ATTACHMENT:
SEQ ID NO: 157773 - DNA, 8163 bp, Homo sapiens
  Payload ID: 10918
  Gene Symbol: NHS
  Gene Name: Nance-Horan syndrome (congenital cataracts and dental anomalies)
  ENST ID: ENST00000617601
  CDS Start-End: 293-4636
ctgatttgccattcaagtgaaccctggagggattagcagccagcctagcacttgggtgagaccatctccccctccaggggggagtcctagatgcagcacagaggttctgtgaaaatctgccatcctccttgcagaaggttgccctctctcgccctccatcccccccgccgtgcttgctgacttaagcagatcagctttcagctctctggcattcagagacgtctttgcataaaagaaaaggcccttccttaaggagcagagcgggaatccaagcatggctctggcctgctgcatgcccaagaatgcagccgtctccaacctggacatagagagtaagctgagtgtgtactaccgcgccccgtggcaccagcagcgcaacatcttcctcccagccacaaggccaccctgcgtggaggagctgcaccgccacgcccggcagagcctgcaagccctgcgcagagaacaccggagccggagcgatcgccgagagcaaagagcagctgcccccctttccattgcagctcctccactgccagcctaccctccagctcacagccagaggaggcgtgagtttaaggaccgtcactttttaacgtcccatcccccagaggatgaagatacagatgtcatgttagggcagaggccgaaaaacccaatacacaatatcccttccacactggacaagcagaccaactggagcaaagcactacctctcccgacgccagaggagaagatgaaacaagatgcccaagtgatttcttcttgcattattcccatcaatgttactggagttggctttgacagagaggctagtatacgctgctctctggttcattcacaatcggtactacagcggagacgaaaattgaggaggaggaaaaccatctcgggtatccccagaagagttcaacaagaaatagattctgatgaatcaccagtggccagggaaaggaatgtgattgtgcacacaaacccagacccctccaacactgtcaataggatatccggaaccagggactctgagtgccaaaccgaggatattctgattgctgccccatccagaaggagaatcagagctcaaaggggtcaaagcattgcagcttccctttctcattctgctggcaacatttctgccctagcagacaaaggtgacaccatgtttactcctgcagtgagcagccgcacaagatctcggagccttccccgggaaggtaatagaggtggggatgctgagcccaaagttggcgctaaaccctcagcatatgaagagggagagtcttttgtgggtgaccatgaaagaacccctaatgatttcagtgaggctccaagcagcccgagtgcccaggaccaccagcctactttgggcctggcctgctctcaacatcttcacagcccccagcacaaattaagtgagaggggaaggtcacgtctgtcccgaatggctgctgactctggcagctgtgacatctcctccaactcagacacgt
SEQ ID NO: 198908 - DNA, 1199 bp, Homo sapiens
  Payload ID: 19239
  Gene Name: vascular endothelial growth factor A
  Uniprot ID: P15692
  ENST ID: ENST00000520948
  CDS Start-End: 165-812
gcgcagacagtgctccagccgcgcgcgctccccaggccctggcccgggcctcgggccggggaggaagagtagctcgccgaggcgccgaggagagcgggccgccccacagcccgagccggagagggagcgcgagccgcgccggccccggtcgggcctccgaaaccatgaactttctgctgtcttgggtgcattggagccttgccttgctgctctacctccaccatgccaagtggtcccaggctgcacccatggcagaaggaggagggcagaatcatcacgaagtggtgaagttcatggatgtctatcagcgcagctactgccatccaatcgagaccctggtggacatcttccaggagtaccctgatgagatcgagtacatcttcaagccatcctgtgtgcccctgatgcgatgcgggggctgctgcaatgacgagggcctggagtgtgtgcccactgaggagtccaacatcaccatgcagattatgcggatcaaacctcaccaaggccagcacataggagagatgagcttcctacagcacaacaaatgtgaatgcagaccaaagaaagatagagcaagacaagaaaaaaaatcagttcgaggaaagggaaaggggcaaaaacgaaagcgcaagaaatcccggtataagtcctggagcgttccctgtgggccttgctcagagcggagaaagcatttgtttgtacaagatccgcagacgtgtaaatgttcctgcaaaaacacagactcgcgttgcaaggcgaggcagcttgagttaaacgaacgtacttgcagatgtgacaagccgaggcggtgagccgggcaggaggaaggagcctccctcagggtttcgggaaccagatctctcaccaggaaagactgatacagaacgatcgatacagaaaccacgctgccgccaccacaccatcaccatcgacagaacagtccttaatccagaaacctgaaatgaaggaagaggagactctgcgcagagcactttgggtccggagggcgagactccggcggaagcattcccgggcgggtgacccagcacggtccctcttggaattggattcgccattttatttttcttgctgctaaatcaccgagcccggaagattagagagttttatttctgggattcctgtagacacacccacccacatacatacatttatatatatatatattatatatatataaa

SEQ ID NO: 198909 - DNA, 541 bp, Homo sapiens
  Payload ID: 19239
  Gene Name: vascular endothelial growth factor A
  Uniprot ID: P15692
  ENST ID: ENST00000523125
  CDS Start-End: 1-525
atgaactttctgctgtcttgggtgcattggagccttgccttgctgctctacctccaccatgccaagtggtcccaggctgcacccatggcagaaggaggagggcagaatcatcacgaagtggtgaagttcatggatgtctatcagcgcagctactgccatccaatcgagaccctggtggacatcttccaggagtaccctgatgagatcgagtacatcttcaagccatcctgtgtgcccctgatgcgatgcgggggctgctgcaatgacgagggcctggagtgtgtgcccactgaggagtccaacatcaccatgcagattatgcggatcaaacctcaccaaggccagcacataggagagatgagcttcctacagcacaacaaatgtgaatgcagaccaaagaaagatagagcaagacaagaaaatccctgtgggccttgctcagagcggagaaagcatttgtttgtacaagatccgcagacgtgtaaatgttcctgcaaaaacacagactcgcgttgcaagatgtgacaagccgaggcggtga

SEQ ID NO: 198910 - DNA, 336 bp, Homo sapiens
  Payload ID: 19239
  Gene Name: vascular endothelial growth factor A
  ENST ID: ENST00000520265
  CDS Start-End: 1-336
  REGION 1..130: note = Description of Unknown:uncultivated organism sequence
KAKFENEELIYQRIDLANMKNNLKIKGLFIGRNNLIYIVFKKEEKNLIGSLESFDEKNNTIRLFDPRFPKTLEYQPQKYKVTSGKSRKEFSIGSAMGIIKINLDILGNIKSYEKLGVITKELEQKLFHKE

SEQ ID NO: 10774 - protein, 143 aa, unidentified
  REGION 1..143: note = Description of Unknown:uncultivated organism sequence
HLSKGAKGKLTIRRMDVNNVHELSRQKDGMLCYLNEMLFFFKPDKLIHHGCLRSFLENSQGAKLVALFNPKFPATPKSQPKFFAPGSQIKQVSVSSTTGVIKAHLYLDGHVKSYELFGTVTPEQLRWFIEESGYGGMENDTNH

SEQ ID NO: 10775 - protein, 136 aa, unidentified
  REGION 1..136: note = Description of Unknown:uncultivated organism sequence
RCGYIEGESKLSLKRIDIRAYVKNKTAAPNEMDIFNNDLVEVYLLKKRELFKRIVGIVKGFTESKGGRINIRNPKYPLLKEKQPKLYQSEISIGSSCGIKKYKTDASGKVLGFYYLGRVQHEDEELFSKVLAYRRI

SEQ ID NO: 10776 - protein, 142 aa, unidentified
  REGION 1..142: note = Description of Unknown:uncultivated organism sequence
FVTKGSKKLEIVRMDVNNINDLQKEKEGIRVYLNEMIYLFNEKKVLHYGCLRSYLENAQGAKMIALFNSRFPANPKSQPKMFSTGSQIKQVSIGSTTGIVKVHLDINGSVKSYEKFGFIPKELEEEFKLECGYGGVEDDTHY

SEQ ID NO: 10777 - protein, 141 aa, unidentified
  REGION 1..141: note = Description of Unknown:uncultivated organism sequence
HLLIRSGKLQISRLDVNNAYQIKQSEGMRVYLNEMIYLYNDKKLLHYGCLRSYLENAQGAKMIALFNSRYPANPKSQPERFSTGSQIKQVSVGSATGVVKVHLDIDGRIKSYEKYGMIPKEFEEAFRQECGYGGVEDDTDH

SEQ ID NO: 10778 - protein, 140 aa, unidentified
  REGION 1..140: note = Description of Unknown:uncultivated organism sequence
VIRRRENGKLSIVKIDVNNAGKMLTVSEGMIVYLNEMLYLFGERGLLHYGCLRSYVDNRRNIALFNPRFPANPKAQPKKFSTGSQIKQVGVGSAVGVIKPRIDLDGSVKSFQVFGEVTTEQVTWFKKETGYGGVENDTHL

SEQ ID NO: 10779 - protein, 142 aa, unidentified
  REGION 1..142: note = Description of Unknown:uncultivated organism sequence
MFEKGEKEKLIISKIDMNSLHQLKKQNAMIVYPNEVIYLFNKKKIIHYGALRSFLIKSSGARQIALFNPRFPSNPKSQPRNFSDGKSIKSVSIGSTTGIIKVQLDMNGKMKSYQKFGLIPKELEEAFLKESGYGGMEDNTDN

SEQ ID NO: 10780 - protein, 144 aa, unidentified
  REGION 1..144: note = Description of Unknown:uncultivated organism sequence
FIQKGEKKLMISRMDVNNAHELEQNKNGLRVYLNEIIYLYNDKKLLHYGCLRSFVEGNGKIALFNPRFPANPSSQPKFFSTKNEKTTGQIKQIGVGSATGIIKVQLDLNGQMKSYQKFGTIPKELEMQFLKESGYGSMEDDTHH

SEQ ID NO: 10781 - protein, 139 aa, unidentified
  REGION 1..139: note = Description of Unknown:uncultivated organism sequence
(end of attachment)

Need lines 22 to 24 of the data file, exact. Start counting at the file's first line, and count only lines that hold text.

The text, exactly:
SEQ ID NO: 198910 - DNA, 336 bp, Homo sapiens
  Payload ID: 19239
  Gene Name: vascular endothelial growth factor A